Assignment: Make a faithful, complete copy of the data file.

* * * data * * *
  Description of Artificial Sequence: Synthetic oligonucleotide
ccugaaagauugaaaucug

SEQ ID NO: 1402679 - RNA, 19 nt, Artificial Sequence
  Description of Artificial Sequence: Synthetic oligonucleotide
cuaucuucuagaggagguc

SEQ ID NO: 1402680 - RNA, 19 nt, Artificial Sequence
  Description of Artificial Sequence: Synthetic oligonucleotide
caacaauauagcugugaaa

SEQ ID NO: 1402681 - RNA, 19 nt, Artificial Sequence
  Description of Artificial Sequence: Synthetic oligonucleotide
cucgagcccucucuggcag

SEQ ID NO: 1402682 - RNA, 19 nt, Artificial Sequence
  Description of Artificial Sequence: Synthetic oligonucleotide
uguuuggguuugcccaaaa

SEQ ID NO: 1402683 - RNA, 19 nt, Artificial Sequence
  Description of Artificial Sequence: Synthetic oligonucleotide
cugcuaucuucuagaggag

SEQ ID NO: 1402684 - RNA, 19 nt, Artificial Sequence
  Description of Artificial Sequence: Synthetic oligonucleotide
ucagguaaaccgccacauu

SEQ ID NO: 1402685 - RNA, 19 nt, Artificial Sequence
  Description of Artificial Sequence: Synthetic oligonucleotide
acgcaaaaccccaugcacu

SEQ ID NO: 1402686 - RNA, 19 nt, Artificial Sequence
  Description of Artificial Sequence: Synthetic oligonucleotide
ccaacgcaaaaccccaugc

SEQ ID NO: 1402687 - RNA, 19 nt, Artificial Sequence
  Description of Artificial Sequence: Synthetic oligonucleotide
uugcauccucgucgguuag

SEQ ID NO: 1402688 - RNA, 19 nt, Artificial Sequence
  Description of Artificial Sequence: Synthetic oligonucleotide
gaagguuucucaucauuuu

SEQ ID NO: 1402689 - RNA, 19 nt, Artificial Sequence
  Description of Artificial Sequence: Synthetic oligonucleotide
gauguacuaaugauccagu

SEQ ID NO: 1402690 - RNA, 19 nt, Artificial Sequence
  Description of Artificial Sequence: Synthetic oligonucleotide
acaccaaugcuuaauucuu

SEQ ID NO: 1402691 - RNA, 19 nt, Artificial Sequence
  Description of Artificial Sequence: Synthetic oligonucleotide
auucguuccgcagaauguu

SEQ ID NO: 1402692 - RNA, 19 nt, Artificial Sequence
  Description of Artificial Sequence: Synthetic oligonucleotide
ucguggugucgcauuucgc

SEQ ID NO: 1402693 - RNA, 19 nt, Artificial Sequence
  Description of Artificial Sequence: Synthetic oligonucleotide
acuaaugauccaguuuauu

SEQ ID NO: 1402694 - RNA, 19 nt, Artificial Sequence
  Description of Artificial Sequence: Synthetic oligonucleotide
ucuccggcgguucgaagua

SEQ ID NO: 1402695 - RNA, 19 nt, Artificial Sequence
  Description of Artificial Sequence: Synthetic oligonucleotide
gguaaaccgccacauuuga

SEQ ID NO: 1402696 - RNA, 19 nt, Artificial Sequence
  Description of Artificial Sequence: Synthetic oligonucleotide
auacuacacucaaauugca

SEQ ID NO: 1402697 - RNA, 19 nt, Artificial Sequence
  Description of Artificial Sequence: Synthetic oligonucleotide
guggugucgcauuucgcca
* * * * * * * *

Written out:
  Description of Artificial Sequence: Synthetic oligonucleotide
ccugaaagauugaaaucug

SEQ ID NO: 1402679 - RNA, 19 nt, Artificial Sequence
  Description of Artificial Sequence: Synthetic oligonucleotide
cuaucuucuagaggagguc

SEQ ID NO: 1402680 - RNA, 19 nt, Artificial Sequence
  Description of Artificial Sequence: Synthetic oligonucleotide
caacaauauagcugugaaa

SEQ ID NO: 1402681 - RNA, 19 nt, Artificial Sequence
  Description of Artificial Sequence: Synthetic oligonucleotide
cucgagcccucucuggcag

SEQ ID NO: 1402682 - RNA, 19 nt, Artificial Sequence
  Description of Artificial Sequence: Synthetic oligonucleotide
uguuuggguuugcccaaaa

SEQ ID NO: 1402683 - RNA, 19 nt, Artificial Sequence
  Description of Artificial Sequence: Synthetic oligonucleotide
cugcuaucuucuagaggag

SEQ ID NO: 1402684 - RNA, 19 nt, Artificial Sequence
  Description of Artificial Sequence: Synthetic oligonucleotide
ucagguaaaccgccacauu

SEQ ID NO: 1402685 - RNA, 19 nt, Artificial Sequence
  Description of Artificial Sequence: Synthetic oligonucleotide
acgcaaaaccccaugcacu

SEQ ID NO: 1402686 - RNA, 19 nt, Artificial Sequence
  Description of Artificial Sequence: Synthetic oligonucleotide
ccaacgcaaaaccccaugc

SEQ ID NO: 1402687 - RNA, 19 nt, Artificial Sequence
  Description of Artificial Sequence: Synthetic oligonucleotide
uugcauccucgucgguuag

SEQ ID NO: 1402688 - RNA, 19 nt, Artificial Sequence
  Description of Artificial Sequence: Synthetic oligonucleotide
gaagguuucucaucauuuu

SEQ ID NO: 1402689 - RNA, 19 nt, Artificial Sequence
  Description of Artificial Sequence: Synthetic oligonucleotide
gauguacuaaugauccagu

SEQ ID NO: 1402690 - RNA, 19 nt, Artificial Sequence
  Description of Artificial Sequence: Synthetic oligonucleotide
acaccaaugcuuaauucuu

SEQ ID NO: 1402691 - RNA, 19 nt, Artificial Sequence
  Description of Artificial Sequence: Synthetic oligonucleotide
auucguuccgcagaauguu

SEQ ID NO: 1402692 - RNA, 19 nt, Artificial Sequence
  Description of Artificial Sequence: Synthetic oligonucleotide
ucguggugucgcauuucgc

SEQ ID NO: 1402693 - RNA, 19 nt, Artificial Sequence
  Description of Artificial Sequence: Synthetic oligonucleotide
acuaaugauccaguuuauu

SEQ ID NO: 1402694 - RNA, 19 nt, Artificial Sequence
  Description of Artificial Sequence: Synthetic oligonucleotide
ucuccggcgguucgaagua

SEQ ID NO: 1402695 - RNA, 19 nt, Artificial Sequence
  Description of Artificial Sequence: Synthetic oligonucleotide
gguaaaccgccacauuuga

SEQ ID NO: 1402696 - RNA, 19 nt, Artificial Sequence
  Description of Artificial Sequence: Synthetic oligonucleotide
auacuacacucaaauugca

SEQ ID NO: 1402697 - RNA, 19 nt, Artificial Sequence
  Description of Artificial Sequence: Synthetic oligonucleotide
guggugucgcauuucgcca